Over 2,600 Irish residents travelled to the North for private healthcare in the space of 18 months.
According to Freedom of Information figures, this cost the HSE over €9 million.
The Northern Ireland Planned Healthcare Scheme was introduced at the start of last year.
It allows Irish residents to get private healthcare in the North and be reimbursed by the HSE.
The most common treatments people get are orthopaedics and eyecare.
Just under 1,200 people availed of the scheme last year, costing the HSE just over €4 million.
That increased to over 1,400 patients in the first six months of this year, costing almost €5 million.
Independent TD Michael Healy-Rae organises buses to leave Kerry to allow people have cataract surgery in the North under the scheme.
"I do the logistical organisation between the hospital and the patient.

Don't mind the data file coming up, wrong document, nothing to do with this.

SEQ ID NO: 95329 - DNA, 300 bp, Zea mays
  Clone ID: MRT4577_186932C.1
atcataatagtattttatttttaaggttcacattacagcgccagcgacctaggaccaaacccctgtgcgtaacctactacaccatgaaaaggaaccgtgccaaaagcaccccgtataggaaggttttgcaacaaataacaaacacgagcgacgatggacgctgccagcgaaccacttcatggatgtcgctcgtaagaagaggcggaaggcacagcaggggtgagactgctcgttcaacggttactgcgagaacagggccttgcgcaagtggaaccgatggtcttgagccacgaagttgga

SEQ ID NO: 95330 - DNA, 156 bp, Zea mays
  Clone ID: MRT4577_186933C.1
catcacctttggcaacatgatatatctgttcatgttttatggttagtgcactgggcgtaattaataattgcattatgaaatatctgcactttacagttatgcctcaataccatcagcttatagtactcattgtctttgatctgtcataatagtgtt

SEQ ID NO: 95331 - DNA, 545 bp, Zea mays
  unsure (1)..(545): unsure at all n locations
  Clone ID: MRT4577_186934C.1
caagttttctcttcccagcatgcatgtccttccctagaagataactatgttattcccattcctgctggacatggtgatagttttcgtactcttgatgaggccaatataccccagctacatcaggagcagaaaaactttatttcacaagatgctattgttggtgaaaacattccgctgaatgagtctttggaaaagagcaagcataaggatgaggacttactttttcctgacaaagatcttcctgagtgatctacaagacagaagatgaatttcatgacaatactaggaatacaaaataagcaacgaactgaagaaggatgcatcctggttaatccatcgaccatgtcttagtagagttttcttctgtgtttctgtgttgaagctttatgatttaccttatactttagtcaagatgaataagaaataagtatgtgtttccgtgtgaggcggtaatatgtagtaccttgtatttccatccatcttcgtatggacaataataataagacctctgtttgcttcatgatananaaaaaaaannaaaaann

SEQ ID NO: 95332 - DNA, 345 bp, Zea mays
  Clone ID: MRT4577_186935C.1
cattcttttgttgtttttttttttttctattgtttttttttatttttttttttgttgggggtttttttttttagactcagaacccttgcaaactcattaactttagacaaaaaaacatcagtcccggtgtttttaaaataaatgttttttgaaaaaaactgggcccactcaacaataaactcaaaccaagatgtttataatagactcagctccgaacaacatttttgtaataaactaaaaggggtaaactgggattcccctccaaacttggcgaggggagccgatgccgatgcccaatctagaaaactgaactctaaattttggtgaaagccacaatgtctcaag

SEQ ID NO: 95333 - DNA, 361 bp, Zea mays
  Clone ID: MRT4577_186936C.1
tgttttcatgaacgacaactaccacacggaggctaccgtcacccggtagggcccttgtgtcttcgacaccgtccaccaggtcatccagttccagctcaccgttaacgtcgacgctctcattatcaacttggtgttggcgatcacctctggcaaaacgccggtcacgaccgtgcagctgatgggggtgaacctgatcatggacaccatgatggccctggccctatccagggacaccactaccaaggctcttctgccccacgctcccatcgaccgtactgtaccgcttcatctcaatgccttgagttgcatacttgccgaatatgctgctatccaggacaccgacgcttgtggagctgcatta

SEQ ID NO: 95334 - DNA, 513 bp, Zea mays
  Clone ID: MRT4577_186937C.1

"I book the buses, I use a Kerry transport company, and I use the same hotel - so I get the best rates to try and minimise the cost.
"90% to 95% of the money is reimbursed"
He said people travel to the North to avoid long waiting lists here.
"Quite simply because if you wait to be done in the Republic, the odds are you will go blind".
In the same 18-month period, over 2,400 travelled to the European Union under a similar scheme, called the Cross Border Directive.
This cost the HSE nearly €9.9 million.